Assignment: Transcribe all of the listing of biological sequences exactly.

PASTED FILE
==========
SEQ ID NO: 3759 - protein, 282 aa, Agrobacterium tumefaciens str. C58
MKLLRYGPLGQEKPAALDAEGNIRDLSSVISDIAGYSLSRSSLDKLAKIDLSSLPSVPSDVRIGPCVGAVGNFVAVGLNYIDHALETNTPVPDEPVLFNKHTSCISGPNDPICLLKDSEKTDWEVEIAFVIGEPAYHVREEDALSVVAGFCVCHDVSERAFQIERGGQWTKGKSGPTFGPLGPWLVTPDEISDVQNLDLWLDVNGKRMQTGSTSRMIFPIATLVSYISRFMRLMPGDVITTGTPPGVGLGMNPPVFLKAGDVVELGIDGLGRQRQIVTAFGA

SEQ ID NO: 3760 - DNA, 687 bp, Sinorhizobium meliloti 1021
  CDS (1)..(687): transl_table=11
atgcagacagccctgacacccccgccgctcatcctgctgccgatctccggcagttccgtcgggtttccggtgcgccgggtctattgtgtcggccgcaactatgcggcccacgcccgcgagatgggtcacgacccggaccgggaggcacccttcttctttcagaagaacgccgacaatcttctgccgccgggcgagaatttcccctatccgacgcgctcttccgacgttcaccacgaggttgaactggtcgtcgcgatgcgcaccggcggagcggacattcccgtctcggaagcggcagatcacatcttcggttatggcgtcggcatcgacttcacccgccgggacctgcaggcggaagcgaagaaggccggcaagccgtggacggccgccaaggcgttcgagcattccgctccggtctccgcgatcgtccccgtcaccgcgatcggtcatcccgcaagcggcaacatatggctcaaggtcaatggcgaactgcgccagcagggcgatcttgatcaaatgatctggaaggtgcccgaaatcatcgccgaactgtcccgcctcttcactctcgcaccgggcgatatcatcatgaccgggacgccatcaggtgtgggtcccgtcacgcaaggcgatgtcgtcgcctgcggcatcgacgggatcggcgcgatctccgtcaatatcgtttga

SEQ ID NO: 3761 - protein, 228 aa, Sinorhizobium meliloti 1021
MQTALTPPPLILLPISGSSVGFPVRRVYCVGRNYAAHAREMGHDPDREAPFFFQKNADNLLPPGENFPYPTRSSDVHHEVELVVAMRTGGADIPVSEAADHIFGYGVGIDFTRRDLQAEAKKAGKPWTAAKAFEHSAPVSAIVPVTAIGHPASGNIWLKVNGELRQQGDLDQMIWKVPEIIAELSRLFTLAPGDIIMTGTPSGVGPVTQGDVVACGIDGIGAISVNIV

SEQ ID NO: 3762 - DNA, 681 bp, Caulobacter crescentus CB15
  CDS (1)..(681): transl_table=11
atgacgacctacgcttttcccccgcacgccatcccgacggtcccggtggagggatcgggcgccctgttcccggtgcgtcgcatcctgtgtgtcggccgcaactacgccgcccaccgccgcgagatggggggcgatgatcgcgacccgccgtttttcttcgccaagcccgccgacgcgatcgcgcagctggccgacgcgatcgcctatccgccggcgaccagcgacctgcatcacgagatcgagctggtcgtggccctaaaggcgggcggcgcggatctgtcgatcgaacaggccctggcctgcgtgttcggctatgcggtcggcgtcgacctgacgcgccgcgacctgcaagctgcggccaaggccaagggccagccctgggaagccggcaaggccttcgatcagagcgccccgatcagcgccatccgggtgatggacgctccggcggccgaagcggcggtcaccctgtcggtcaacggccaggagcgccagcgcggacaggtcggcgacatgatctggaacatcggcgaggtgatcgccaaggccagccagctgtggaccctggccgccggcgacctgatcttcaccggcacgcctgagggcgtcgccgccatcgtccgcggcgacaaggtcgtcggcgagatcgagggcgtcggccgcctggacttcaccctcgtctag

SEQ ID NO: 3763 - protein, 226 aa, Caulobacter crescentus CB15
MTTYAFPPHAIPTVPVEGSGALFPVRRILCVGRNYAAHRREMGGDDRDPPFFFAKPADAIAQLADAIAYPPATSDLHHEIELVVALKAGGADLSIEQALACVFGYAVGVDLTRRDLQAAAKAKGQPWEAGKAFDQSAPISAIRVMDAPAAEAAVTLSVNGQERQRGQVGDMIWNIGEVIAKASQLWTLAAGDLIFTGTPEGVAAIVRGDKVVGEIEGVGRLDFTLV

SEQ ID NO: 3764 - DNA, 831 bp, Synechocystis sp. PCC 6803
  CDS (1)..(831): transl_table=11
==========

SEQ ID NO: 3759 - protein, 282 aa, Agrobacterium tumefaciens str. C58
MKLLRYGPLGQEKPAALDAEGNIRDLSSVISDIAGYSLSRSSLDKLAKIDLSSLPSVPSDVRIGPCVGAVGNFVAVGLNYIDHALETNTPVPDEPVLFNKHTSCISGPNDPICLLKDSEKTDWEVEIAFVIGEPAYHVREEDALSVVAGFCVCHDVSERAFQIERGGQWTKGKSGPTFGPLGPWLVTPDEISDVQNLDLWLDVNGKRMQTGSTSRMIFPIATLVSYISRFMRLMPGDVITTGTPPGVGLGMNPPVFLKAGDVVELGIDGLGRQRQIVTAFGA

SEQ ID NO: 3760 - DNA, 687 bp, Sinorhizobium meliloti 1021
  CDS (1)..(687): transl_table=11
atgcagacagccctgacacccccgccgctcatcctgctgccgatctccggcagttccgtcgggtttccggtgcgccgggtctattgtgtcggccgcaactatgcggcccacgcccgcgagatgggtcacgacccggaccgggaggcacccttcttctttcagaagaacgccgacaatcttctgccgccgggcgagaatttcccctatccgacgcgctcttccgacgttcaccacgaggttgaactggtcgtcgcgatgcgcaccggcggagcggacattcccgtctcggaagcggcagatcacatcttcggttatggcgtcggcatcgacttcacccgccgggacctgcaggcggaagcgaagaaggccggcaagccgtggacggccgccaaggcgttcgagcattccgctccggtctccgcgatcgtccccgtcaccgcgatcggtcatcccgcaagcggcaacatatggctcaaggtcaatggcgaactgcgccagcagggcgatcttgatcaaatgatctggaaggtgcccgaaatcatcgccgaactgtcccgcctcttcactctcgcaccgggcgatatcatcatgaccgggacgccatcaggtgtgggtcccgtcacgcaaggcgatgtcgtcgcctgcggcatcgacgggatcggcgcgatctccgtcaatatcgtttga

SEQ ID NO: 3761 - protein, 228 aa, Sinorhizobium meliloti 1021
MQTALTPPPLILLPISGSSVGFPVRRVYCVGRNYAAHAREMGHDPDREAPFFFQKNADNLLPPGENFPYPTRSSDVHHEVELVVAMRTGGADIPVSEAADHIFGYGVGIDFTRRDLQAEAKKAGKPWTAAKAFEHSAPVSAIVPVTAIGHPASGNIWLKVNGELRQQGDLDQMIWKVPEIIAELSRLFTLAPGDIIMTGTPSGVGPVTQGDVVACGIDGIGAISVNIV

SEQ ID NO: 3762 - DNA, 681 bp, Caulobacter crescentus CB15
  CDS (1)..(681): transl_table=11
atgacgacctacgcttttcccccgcacgccatcccgacggtcccggtggagggatcgggcgccctgttcccggtgcgtcgcatcctgtgtgtcggccgcaactacgccgcccaccgccgcgagatggggggcgatgatcgcgacccgccgtttttcttcgccaagcccgccgacgcgatcgcgcagctggccgacgcgatcgcctatccgccggcgaccagcgacctgcatcacgagatcgagctggtcgtggccctaaaggcgggcggcgcggatctgtcgatcgaacaggccctggcctgcgtgttcggctatgcggtcggcgtcgacctgacgcgccgcgacctgcaagctgcggccaaggccaagggccagccctgggaagccggcaaggccttcgatcagagcgccccgatcagcgccatccgggtgatggacgctccggcggccgaagcggcggtcaccctgtcggtcaacggccaggagcgccagcgcggacaggtcggcgacatgatctggaacatcggcgaggtgatcgccaaggccagccagctgtggaccctggccgccggcgacctgatcttcaccggcacgcctgagggcgtcgccgccatcgtccgcggcgacaaggtcgtcggcgagatcgagggcgtcggccgcctggacttcaccctcgtctag

SEQ ID NO: 3763 - protein, 226 aa, Caulobacter crescentus CB15
MTTYAFPPHAIPTVPVEGSGALFPVRRILCVGRNYAAHRREMGGDDRDPPFFFAKPADAIAQLADAIAYPPATSDLHHEIELVVALKAGGADLSIEQALACVFGYAVGVDLTRRDLQAAAKAKGQPWEAGKAFDQSAPISAIRVMDAPAAEAAVTLSVNGQERQRGQVGDMIWNIGEVIAKASQLWTLAAGDLIFTGTPEGVAAIVRGDKVVGEIEGVGRLDFTLV

SEQ ID NO: 3764 - DNA, 831 bp, Synechocystis sp. PCC 6803
  CDS (1)..(831): transl_table=11